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I'm Verna,
Your Curly-Haired Friend.

Curly hair is like a box of chocolates, you never know what you're going to get. It could be super-defined one day and a frizzy concoction the next day – and it's never exactly the same from one head to another. Our mission is to equip you with the necessary tools for restoring and maintaining healthy locks and celebrating the hair you were born with! 

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Curl care

With extensive experience in the beauty industry, I specialize in writing for curly hair care brands, websites, and magazines.

Not only do I have curly hair, but my children, friends, family members, and even friends who are professional curly hairstylists, each with their unique curly textures.

 You get the point :) 

I also partner with a friend who holds a Ph.D. in chemistry and works as an R&D Chemist, ensuring our content is scientifically accurate and help us navigate through the misinformation around curly hair care. 

Hi,I'm Verna

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Last Updated on April 9, 2023 by Verna Meachum

One of the most important things to consider when choosing a hair care product are the ingredients. Sodium c14 16 olefin sulfonate is an ingredient that can be found in some shampoos.

But what exactly does this ingredient do? And is it safe to use?

In this blog, we’ll look at its chemistry and how it differs from the commonly used sulfate surfactants. But before we get started, let’s go over some basics about surfactants and their role in personal care formulations.

What Is A Surfactant?

The word surfactant is derived from “Surface Active”, something that acts on the surface of material e.g. hard surface, hair surface, skin upper layer surface, etc.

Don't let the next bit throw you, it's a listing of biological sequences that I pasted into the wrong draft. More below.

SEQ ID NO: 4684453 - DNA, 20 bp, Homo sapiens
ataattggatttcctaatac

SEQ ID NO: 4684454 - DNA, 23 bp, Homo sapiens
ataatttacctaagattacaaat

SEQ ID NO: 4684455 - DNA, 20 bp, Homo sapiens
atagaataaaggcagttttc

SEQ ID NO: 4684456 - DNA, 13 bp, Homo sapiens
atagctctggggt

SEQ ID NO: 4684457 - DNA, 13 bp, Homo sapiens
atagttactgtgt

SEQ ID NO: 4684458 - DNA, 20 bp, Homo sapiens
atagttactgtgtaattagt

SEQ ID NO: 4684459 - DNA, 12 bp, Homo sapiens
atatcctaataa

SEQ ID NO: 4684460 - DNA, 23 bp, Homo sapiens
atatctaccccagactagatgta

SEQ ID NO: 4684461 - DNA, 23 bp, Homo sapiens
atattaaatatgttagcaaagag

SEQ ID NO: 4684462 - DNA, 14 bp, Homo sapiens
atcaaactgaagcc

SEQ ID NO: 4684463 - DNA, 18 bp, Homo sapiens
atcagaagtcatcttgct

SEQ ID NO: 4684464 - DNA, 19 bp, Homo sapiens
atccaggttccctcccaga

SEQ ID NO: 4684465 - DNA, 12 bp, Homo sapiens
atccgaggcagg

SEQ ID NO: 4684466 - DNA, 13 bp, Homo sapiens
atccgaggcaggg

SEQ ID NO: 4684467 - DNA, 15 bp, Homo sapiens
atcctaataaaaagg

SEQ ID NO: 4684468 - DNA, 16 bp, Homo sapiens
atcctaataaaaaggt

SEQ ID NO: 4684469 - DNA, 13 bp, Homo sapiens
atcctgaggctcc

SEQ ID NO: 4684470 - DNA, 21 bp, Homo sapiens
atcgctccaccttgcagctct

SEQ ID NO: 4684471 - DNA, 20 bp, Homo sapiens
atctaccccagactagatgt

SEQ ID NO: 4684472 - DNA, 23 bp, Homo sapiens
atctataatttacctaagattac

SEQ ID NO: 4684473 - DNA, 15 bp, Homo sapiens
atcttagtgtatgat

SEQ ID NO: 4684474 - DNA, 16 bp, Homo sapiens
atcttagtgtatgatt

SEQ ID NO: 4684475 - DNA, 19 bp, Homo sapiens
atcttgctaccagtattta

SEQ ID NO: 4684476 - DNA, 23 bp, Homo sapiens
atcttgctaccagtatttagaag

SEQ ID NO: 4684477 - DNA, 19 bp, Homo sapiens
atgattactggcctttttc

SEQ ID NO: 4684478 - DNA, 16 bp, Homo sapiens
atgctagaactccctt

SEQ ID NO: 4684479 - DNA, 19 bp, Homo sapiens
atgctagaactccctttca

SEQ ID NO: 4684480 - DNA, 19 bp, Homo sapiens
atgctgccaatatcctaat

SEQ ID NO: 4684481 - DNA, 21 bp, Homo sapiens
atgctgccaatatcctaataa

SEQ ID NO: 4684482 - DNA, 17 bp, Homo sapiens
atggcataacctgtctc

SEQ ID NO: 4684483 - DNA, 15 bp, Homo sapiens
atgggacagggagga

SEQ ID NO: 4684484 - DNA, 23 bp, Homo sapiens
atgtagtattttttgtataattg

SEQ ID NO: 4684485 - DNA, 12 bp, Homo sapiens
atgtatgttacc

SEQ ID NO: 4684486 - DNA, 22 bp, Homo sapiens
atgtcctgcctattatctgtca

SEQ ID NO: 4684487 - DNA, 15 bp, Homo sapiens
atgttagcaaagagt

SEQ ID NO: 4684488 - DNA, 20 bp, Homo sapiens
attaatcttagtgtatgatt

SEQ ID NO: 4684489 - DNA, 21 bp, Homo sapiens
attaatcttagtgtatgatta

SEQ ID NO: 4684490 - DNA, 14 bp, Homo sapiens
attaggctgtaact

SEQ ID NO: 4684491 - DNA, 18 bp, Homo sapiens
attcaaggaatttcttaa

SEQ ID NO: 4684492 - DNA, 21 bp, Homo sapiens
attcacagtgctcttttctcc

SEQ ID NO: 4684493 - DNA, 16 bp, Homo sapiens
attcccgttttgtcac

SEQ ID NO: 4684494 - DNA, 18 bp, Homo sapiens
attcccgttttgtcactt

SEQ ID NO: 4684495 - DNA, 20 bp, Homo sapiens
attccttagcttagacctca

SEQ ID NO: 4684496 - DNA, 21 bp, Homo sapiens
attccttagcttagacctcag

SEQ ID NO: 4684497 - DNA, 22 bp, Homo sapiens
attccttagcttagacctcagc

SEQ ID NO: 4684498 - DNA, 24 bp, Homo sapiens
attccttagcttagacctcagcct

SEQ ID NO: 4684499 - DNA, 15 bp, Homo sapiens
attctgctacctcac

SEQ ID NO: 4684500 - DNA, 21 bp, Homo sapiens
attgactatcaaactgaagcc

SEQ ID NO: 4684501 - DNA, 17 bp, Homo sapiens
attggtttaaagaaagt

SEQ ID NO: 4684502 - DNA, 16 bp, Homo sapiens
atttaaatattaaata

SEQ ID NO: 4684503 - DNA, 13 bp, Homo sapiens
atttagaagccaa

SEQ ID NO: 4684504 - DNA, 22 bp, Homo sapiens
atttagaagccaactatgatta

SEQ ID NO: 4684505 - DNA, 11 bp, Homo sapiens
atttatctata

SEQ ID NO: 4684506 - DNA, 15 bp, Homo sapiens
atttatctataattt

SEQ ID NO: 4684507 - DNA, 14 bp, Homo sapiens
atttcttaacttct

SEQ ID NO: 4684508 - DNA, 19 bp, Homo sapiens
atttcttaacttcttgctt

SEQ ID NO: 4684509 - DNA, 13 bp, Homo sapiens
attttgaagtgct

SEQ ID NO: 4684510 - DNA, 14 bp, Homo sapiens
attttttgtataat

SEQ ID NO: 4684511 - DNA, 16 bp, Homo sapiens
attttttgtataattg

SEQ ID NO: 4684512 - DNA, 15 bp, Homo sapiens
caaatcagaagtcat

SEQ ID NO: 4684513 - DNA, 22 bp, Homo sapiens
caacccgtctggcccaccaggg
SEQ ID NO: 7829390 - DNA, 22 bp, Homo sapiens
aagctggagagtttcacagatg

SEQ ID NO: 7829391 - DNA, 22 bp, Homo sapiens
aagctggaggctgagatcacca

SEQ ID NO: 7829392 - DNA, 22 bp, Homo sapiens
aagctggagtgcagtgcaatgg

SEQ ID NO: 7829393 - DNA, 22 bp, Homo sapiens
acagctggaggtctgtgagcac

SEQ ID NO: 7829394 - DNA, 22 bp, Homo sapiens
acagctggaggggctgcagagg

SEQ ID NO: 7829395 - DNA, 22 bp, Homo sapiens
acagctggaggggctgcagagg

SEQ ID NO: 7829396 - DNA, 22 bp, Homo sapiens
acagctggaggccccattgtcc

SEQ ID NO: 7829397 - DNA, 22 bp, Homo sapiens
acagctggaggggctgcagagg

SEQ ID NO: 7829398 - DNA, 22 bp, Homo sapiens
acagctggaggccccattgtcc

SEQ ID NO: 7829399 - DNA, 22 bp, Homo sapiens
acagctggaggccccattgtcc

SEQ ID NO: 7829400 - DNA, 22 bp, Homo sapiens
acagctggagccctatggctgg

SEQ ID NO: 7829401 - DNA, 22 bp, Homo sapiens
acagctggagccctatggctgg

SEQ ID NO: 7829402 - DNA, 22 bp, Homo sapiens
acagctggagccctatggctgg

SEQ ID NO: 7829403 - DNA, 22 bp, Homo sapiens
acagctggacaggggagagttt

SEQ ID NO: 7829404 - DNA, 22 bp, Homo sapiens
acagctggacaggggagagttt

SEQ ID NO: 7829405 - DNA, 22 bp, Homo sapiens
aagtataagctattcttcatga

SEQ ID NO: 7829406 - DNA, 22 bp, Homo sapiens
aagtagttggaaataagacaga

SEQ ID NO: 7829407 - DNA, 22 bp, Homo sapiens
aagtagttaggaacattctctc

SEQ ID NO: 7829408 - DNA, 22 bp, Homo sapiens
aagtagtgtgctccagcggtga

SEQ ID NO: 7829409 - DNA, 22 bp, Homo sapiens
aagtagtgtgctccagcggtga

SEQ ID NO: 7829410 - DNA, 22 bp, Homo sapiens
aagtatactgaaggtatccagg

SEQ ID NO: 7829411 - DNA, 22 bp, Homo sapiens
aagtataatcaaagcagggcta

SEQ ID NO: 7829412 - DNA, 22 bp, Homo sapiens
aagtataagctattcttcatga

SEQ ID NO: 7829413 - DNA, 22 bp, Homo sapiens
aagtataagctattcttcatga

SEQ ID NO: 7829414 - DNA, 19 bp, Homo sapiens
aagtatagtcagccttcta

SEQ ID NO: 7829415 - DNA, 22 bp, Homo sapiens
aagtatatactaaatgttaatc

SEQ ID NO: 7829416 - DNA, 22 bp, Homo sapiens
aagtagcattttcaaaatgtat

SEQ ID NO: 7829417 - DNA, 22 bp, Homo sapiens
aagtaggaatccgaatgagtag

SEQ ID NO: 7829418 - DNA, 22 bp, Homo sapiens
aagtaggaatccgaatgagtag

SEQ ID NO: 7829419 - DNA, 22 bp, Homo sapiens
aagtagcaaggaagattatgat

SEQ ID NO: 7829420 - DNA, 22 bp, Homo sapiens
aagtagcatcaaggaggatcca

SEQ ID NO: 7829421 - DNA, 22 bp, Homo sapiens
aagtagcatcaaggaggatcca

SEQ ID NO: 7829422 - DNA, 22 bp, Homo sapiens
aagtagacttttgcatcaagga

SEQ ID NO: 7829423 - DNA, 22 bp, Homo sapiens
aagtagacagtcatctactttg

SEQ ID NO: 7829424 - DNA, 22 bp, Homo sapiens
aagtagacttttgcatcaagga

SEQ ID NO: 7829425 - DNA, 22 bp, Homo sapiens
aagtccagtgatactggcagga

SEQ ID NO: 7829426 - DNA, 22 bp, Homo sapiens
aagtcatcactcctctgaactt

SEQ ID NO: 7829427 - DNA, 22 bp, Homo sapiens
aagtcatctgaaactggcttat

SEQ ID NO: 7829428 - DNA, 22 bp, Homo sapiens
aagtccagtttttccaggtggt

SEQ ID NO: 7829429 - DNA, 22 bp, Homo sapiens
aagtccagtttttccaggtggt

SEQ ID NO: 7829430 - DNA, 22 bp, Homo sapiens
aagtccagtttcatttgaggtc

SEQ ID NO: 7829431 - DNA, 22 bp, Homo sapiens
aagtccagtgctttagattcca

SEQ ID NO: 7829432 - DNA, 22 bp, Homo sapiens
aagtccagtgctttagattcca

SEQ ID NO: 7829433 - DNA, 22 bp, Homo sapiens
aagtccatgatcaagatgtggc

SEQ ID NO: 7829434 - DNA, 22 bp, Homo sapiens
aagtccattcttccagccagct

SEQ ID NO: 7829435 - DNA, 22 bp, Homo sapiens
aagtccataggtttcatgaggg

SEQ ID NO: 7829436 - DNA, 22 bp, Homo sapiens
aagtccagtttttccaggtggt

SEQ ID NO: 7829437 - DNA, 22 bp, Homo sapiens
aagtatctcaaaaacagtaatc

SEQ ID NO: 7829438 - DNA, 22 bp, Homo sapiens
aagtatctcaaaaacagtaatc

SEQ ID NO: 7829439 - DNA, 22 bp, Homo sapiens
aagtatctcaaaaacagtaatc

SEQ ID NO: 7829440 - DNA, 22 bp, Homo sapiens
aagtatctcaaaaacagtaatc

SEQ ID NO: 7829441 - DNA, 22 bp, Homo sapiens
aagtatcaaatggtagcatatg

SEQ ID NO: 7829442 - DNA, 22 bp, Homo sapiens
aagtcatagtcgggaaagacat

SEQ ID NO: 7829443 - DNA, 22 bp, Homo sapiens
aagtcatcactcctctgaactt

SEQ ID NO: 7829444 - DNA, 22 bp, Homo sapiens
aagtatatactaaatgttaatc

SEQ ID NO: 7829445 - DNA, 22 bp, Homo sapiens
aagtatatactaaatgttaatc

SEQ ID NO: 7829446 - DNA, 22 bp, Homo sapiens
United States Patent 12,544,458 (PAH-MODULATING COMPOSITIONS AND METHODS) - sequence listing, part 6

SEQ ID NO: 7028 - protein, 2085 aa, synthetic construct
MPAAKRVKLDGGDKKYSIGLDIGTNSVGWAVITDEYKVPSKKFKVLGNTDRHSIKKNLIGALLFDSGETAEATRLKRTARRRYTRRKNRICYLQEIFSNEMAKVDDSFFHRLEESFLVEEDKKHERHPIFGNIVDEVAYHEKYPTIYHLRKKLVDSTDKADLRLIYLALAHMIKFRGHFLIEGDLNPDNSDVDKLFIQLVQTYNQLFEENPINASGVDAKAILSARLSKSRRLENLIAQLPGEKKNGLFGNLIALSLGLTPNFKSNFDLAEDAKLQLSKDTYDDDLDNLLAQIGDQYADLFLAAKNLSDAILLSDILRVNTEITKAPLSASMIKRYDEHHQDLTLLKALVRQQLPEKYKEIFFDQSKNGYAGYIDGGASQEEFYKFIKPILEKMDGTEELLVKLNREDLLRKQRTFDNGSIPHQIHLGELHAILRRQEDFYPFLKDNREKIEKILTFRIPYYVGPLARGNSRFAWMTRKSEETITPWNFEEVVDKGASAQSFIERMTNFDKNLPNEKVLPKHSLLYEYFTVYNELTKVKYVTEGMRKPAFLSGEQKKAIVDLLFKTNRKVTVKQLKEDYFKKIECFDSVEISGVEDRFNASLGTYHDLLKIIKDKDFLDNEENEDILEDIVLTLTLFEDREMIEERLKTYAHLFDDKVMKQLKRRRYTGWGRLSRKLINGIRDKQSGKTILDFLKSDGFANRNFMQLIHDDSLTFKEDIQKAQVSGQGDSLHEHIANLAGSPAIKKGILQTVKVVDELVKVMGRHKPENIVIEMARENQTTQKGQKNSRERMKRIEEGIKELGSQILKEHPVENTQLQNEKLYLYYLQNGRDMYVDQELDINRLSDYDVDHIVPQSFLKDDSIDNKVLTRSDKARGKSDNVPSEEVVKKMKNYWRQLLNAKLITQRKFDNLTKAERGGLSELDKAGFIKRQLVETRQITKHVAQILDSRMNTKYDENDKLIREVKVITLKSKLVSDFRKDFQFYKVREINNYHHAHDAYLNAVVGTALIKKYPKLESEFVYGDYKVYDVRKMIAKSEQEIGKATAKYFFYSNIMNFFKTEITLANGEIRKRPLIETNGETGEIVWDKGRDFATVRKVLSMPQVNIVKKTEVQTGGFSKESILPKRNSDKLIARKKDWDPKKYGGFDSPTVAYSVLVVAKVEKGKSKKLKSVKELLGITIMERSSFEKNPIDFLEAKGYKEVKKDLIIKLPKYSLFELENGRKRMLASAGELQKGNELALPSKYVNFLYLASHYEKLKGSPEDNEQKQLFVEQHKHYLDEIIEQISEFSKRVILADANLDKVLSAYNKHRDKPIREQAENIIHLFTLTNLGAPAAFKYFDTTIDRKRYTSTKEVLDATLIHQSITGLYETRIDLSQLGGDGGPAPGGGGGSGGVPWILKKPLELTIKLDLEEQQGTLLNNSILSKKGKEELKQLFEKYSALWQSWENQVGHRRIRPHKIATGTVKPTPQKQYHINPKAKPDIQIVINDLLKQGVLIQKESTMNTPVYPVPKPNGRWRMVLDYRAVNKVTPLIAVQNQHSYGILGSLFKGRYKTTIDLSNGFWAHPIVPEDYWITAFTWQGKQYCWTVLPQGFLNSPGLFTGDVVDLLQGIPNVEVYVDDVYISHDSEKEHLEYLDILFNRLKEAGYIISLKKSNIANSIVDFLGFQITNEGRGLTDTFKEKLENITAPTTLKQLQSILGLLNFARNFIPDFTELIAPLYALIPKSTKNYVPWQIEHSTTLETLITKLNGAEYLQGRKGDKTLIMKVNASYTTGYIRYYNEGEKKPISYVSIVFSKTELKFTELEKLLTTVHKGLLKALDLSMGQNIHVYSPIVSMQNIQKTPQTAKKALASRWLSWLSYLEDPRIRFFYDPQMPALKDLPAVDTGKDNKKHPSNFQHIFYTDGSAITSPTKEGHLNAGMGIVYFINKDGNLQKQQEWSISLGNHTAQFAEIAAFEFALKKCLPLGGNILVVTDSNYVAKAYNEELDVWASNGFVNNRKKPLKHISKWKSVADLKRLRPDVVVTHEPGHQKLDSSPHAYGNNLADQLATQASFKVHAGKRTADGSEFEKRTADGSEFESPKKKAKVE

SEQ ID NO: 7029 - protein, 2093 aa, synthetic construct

In more technical terms, a surfactant is a chemical compound that can lower the surface tension of water and boosts its cleansing ability.1

A surfactant is a class of chemical compounds having the ability to clean material. The goal of surfactants is to reduce the surface tension between water and oils and/or dirt.

They are commonly used in hair, skin, and other personal care cleansing formulations. We can also find them in household cleansing products. Sodium lauryl sulfate is a good example often used in shampoos and other cleansing products.2-3

Furthermore, some surfactants are also used as “emulsifiers” to make creams, lotions, and pomades. Emulsifiers keep oil and water mixed, and stable for a good amount of shelf-life.

Other examples of surfactants are:

  • Detergents
  • Wetting agents
  • Foaming agents
  • Dispersants

Sulfonate vs Sulfate

Sodium C-14 – C16 Olefin Sulfonate is an anionic surfactant. It is used as a primary surfactant or mixed with other cleansing agents working to boost the overall detergency of the formulation. Being a sulfonate, it is keenly sought for its sulfate-free formulation.

Sodium C14-C16 sulfonate is not a sulfate.

Sulfonate is a different anion; it is not sulfate and thus has very different physical and chemical properties.

The chemical structures highlight the basic difference between sulfate and sulfonate groups. Although both are anionic and carry negative charge density, the different nature of chemical bonding makes them completely different molecules.4

Photo of sodium lauryl sulfate (SLS) chemical.

Photo showing olefinic double bond in the carbon chain as well as the sodium c14 olefin sulfonate chemical formula.